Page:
Scrolling Headlines:

Author, poet and ex-con gives talk on criminal justice reform -

September 29, 2016

Israeli writer Ari Shavit speaks at Integrative Learning Center -

September 29, 2016

Alex DeSantis continues strong play for UMass men’s soccer as season reaches midway point -

September 29, 2016

Andrew Ford looks to continue to lead UMass football’s torrid offensive passing attack -

September 29, 2016

Sunset Grill and Pizza adjusts as a new restaurant in Amherst -

September 29, 2016

UMass field hockey falls 8-1 to No. 1 UConn -

September 29, 2016

Offensive-oriented practices hold high hopes for UMass women’s soccer with A-10 opener Thursday -

September 29, 2016

Hyper-stress on college campuses: a culture of high achievement leads to increased rates of mental illnesses -

September 29, 2016

Race of candidates should not affect voter turnout -

September 29, 2016

Students share what keeps them happy during the fall -

September 29, 2016

Harvest’s millennial-pandering replacement to Chameleon Cold Brew leaves caffeine fans at a loss -

September 29, 2016

Guide to fall 5K races and beyond -

September 29, 2016

UMass Votes Coalition hosts voter registration event -

September 28, 2016

Brettell presents on U.S. immigration policies -

September 28, 2016

UMass running back Marquis Young looks to build off momentum gained against Mississippi State -

September 28, 2016

UMass field hockey team seeks revenge against undefeated UConn -

September 28, 2016

UMass hockey announces captains for 2016-17 season -

September 28, 2016

Andy Isabella finds his niche within the UMass football offense -

September 28, 2016

The EpiPen Crisis: How did this happen? -

September 28, 2016

Cymbals Eat Guitars evolve and impress on “Pretty Years” -

September 28, 2016

Professor to give digital forensic presentation at UMass

On Friday, University of Massachusetts professor Brian Levine of the Department of Computer Science will give a presentation about the investigation of illegal activities on the internet and possible corrections to the rising problems in internet policing.

The lecture, titled “Forensic Investigation of the Internet and Mobile Systems,” will be presented in the Isenberg School of Management Room 112. The event is part of the fall 2009 Operations Management Science Seminar series.

Levine is the co-founder and a member of the Steering Committee of NeFX, the Association for Computing Machinery Northeast Digital Forensics Exchange, a workshop dedicated to the research and collaboration of digital forensics. He was also awarded with a 2007 UMass Amherst College of Natural Sciences and Mathematics Outstanding Teacher Award.

The internet has proven to be a particularly difficult environment to enforce laws, as the factor of anonymity among the users provides a more difficult challenge. With mobile devices, such as phones, able to access the internet wirelessly from many locations, the rate of internet crime is steadily increasing.

However, technology has made it possible to trace down the locations of any other device, which in turn can allows authorities to find users breaking the law on the web.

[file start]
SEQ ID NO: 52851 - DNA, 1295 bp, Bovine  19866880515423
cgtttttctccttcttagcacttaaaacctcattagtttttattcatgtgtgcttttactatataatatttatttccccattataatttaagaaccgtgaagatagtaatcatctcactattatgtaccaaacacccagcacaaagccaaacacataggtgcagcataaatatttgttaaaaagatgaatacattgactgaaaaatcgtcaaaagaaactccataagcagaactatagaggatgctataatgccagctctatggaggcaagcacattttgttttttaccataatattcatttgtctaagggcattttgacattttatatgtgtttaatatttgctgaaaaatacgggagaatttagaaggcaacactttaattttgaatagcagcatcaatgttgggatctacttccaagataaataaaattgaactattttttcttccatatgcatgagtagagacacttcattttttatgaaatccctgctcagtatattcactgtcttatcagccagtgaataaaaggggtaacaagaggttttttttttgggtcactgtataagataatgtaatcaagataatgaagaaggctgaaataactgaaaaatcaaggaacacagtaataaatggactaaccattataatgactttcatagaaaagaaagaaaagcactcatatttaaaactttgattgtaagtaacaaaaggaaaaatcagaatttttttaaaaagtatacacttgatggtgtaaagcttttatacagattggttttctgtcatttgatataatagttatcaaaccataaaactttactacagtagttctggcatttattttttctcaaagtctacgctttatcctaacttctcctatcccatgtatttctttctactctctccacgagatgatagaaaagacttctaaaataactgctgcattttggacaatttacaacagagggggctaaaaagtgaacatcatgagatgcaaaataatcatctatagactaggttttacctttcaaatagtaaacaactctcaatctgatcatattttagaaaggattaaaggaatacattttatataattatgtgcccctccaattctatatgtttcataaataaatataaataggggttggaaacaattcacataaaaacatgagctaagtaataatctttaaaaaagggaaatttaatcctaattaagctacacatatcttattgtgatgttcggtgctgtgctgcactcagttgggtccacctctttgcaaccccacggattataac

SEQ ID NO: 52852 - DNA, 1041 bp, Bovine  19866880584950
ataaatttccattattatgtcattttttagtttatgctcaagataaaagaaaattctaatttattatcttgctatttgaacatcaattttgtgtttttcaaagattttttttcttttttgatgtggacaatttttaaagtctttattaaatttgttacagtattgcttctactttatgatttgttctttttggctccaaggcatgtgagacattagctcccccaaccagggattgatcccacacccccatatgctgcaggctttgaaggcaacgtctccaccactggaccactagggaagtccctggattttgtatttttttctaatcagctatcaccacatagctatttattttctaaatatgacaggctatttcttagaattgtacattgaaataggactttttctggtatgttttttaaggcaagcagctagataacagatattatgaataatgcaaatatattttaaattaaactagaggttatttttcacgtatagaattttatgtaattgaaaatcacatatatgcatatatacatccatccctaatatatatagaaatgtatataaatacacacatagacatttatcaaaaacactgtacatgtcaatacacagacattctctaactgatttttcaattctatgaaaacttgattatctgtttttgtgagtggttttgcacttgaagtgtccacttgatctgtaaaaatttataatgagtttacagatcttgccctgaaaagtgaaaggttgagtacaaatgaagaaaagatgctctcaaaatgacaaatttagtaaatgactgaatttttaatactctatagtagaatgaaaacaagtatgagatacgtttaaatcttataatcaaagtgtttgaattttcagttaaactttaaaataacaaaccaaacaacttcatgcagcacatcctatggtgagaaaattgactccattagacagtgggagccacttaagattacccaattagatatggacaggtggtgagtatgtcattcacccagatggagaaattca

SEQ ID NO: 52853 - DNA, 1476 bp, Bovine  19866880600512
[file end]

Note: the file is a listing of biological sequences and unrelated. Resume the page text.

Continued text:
Professor Levine will speak about his current research projects in digital forensics and the attempt to address investigation of such crimes as identity theft, contraband trafficking, fraud and espionage.

His primary concentration will be on wired networks and peer-to-peer file sharing, which can result in trafficking contraband and the sexual exploitation of children.

The difficulty is that the people behind the file sharing are often difficult to find, and with Massachusetts and Pennsylvania state police consistently performing investigations, evidence has been uncovered that tens of thousands of internet users engage in P2P file sharing, which makes isolating specific files, such as those Levine will be speaking of, difficult to trace.

P2P file sharing is traced on campus, and students can be fined if proven to have utilized the campus’ internet for such programs as Limewire, BitTorrent or any other programs that allow the illegal downloading and sharing of any types of files whatsoever.

Levine will then shift his focus to wireless and cellular devices, which add another level of difficulty in monitoring, as the network encryptions and geographical locations are not in a fixed area and vary depending on the location of the user. Connections may also be encrypted and the software can, and usually does, change making location difficult to establish. He will then speak of possible solutions that can be taken to address these problems.

According to Levine’s profile on the computer science department’s site, “a grand challenge we face is the protection of our privacy while simultaneously increasing ubiquitous interactions using a network of peers.”

Support for this series is provided by the Isenberg School of Management, the Department of Finance and Operations Management, INFORMS and the John F. Smith Memorial Funds.

Professor Anne Nagurney, the John F. Smith Memorial Professor in the Department of Finances and Operations Management in the Isenberg School of Management, is the faculty advisor to INFORMS and helped support the series.

Levine’s presentation is the final presentation in the series, which has been running since Sept. 18.

Tim Jones can be reached at timothyj@student.umass.edu.

Leave A Comment